Here is my experience: I have used for my 55cc engine (with 43mm bore) pistons from a Kawasaki KX60 and a Vespa. Both have dual 1mm thick non-chromed rings. I have put many miles on it with these pistons and the cylinder shows streaks of plating loss but it still runs really good although I'm sure it would be a bit better if all the plating was there. But the area available for blowby from this ultra-thin plating not being there (in streaks) is very small. There have been times I have ran it with 150psi cylinder cranking pressure when testing different cylinder heads so maybe that is when the plating loss happened. I say that because higher compression causes higher outward pressure on the rings. How that works is that some of the high cylinder combustion pressure leaks past the top of the first ring to pressurize the area between the piston and ring. That increases the pressure of the ring against the cylinder. But the pressure behind the ring is lessened because of the ring end gap which exposes that inner area to the reduced pressure between the two rings. I theorize that by increasing the ring end gap of the second ring we can reduce the inner pressure pushing the top ring outward. Increasing that gap lessens the pressure between the two rings which affects the top rings inner pressure. That is my current recommendation for anyone attempting this. Also use fine #400 sandpaper to round off the edges of both rings so that they scrape off less oil from the cylinder so that more oil winds up between the rings and cylinder to lubricate better and give less opportunity for plating loss. Also be sure to not let your cranking pressure be more than 135psi. Motocross engines have around 150psi but they have really good cylinder plating. Many aftermarket heads for these engines cause a cranking pressure more than 150psi. If you want to do things completely right then spend $190 to get your cylinder replated at US Chrome and sleep well at night.
US Chrome says that plain chrome plating (such as the Grubee cylinders has) has a temperature limit of 400 degrees Celsius so a higher cylinder temperature due to advanced ignition at high RPM, overly lean fuel-air mixture, or engine compression over 135psi can be a causative factor with cylinder plating flaking. Here is the info posted at the US Chrome site about the plating they can put on cylinders:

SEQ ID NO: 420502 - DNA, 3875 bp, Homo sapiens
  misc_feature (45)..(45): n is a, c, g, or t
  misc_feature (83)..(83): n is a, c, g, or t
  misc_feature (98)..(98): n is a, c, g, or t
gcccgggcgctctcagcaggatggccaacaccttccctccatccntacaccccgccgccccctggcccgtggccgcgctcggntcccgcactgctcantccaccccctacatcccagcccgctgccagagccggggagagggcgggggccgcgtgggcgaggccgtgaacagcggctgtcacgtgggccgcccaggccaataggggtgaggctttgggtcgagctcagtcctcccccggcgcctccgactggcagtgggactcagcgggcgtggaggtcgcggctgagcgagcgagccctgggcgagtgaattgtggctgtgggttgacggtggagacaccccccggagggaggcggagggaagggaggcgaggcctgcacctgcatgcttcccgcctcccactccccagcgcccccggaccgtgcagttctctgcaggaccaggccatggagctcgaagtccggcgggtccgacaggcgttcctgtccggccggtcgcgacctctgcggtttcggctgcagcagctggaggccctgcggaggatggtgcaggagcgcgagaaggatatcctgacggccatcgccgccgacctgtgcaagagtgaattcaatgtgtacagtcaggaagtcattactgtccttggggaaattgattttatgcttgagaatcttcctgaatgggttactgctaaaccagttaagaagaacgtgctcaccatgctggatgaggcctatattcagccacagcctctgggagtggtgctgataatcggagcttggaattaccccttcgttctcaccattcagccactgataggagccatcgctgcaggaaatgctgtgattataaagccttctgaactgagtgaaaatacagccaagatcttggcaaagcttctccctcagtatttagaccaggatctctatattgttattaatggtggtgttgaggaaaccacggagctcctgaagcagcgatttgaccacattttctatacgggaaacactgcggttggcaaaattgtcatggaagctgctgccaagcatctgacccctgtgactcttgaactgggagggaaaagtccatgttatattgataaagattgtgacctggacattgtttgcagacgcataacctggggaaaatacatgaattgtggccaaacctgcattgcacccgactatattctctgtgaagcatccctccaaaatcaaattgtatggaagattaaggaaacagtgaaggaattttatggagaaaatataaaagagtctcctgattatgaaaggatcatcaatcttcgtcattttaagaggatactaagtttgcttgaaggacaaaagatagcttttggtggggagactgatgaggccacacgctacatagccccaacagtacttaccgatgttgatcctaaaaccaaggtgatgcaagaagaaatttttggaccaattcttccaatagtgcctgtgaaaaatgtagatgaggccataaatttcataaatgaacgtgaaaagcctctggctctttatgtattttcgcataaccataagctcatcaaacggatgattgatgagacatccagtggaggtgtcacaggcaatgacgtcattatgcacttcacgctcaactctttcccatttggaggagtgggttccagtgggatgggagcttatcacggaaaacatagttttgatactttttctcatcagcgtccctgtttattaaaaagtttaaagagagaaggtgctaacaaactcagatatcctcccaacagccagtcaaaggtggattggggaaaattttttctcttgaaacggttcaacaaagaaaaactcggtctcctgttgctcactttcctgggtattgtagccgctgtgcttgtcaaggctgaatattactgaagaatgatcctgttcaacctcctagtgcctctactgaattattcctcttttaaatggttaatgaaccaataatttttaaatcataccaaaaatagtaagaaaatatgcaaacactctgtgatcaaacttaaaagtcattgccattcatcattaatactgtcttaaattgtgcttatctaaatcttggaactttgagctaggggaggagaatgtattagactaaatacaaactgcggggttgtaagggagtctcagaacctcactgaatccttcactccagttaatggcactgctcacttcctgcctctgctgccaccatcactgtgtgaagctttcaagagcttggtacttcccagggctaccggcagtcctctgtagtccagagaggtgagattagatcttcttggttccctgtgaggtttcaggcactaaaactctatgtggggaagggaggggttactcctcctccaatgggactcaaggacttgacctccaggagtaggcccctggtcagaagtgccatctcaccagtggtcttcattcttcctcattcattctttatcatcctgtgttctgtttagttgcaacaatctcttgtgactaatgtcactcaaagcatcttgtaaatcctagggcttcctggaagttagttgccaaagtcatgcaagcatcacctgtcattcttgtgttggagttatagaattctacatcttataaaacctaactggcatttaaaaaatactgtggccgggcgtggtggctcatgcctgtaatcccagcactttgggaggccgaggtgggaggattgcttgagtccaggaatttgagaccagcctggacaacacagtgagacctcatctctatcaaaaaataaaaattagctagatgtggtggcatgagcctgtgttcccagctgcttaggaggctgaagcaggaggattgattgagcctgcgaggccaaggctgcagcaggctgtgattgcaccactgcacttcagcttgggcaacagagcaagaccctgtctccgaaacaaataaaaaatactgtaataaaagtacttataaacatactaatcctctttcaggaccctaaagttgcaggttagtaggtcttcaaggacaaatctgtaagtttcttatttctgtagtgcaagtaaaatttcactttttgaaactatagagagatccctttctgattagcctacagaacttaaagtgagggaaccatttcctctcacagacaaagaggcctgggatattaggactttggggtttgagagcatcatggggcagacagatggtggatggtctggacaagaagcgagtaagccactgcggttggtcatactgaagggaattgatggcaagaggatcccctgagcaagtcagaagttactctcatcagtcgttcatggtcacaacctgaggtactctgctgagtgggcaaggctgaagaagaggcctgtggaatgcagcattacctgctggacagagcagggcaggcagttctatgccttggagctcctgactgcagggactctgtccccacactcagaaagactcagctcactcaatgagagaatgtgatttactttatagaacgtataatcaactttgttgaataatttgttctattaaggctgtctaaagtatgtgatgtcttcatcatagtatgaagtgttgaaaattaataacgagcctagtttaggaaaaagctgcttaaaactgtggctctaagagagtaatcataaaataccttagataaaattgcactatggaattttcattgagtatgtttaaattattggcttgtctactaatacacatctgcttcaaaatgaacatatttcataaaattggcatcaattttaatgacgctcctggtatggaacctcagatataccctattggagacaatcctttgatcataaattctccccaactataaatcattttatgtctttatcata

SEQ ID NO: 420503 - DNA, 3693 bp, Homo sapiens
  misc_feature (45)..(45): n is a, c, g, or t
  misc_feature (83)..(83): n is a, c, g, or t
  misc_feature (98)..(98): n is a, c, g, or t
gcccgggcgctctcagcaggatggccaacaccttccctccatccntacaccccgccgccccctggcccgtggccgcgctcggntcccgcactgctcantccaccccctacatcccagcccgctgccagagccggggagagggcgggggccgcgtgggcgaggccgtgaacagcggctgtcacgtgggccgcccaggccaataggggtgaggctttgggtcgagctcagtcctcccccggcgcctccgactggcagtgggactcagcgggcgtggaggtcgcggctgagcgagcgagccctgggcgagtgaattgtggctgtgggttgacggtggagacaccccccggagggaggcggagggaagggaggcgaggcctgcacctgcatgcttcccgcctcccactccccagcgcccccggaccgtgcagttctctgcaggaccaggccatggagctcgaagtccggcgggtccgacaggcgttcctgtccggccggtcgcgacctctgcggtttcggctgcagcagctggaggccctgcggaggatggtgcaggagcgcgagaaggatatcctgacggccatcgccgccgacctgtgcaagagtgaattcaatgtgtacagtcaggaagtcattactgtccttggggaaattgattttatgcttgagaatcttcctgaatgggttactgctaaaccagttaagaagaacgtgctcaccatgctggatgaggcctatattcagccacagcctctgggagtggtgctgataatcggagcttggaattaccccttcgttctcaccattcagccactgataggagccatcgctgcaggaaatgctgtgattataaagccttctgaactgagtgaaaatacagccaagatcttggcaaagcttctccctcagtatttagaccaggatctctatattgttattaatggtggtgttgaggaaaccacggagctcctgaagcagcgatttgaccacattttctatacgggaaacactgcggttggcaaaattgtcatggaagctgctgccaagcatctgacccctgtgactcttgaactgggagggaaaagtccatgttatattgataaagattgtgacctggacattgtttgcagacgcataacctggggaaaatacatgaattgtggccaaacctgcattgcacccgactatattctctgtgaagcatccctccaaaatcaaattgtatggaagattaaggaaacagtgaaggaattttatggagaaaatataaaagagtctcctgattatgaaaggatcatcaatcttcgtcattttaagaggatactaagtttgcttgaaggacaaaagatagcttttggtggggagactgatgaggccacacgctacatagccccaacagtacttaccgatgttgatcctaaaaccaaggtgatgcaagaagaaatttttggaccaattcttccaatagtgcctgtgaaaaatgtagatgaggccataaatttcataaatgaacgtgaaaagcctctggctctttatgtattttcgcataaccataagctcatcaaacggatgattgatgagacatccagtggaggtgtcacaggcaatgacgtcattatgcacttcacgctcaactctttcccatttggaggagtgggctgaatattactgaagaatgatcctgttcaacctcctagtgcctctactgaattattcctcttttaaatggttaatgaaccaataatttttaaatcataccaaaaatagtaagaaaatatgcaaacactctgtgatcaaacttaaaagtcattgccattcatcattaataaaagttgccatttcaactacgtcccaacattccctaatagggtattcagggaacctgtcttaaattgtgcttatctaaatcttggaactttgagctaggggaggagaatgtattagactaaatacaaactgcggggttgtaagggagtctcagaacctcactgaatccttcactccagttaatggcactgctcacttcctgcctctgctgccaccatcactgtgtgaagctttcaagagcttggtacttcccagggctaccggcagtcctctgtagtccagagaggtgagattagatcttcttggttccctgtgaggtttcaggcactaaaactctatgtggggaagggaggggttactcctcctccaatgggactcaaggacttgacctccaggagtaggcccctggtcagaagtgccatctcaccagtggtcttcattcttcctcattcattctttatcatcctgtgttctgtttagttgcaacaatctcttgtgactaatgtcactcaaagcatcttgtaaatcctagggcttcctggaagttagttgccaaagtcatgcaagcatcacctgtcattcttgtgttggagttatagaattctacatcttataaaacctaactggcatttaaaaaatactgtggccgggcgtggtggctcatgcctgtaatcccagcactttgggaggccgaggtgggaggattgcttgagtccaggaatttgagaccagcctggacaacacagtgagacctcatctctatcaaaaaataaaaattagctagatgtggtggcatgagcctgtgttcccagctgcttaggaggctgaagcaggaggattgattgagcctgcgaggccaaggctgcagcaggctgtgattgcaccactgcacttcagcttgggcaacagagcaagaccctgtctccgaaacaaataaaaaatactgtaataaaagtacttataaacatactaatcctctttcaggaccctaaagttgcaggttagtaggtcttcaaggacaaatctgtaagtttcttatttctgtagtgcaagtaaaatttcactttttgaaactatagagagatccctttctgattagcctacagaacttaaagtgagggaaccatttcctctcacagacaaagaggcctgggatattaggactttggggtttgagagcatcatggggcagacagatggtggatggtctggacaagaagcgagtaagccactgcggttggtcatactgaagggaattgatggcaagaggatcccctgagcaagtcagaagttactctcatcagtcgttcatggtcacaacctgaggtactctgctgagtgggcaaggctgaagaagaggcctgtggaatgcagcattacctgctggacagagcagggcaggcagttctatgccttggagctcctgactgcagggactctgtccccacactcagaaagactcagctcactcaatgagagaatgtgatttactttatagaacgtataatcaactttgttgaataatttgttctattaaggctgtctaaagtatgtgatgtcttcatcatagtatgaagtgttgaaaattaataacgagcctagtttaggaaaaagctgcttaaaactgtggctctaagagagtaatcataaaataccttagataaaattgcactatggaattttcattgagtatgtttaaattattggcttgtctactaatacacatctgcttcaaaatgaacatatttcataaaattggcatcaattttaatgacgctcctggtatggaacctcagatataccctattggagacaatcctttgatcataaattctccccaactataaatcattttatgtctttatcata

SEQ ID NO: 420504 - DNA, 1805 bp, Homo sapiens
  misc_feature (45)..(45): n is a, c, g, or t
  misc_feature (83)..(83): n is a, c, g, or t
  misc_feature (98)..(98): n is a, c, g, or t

NiCom Nickel Silicon Carbide Dispersion Coating
NiCom is an electro-composite coating consisting of a nickel metal matrix with hard particulate dispersed uniformly within it. The process involves electroplating nickel in the presence of hard particulates, such as SiC, under conditions allowing the hard particulate to co-deposit with the nickel. The result is an electroplated composite material where engineering thickness can be achieved for both original equipment manufacturing (OEM) or overhaul and repair.
Electro-composite materials, such as NiCom, are viable alternatives to Hard Chromium Plating due to their excellent wear resistance. Superior sliding wear characteristics are achieved due to the hard particulates dispersed within the metal matrix. Mating components ride on the hard particles, which can vary from SiC to BN to diamond depending on the wear condition application, resulting in wear 5 to 10 times better than Chrome.
Once the NiCom coating has been applied, it can be diamond honed or ground to finish dimension to meet surface finish requirements. Common applications of NiCom are found in bores of internal combustion engines with uses ranging from weed trimmers to snowmobiles to high performance race cars. Most any cylinder bore/piston application where sliding wear resistance is important is a candidate for NiCom electro-composites.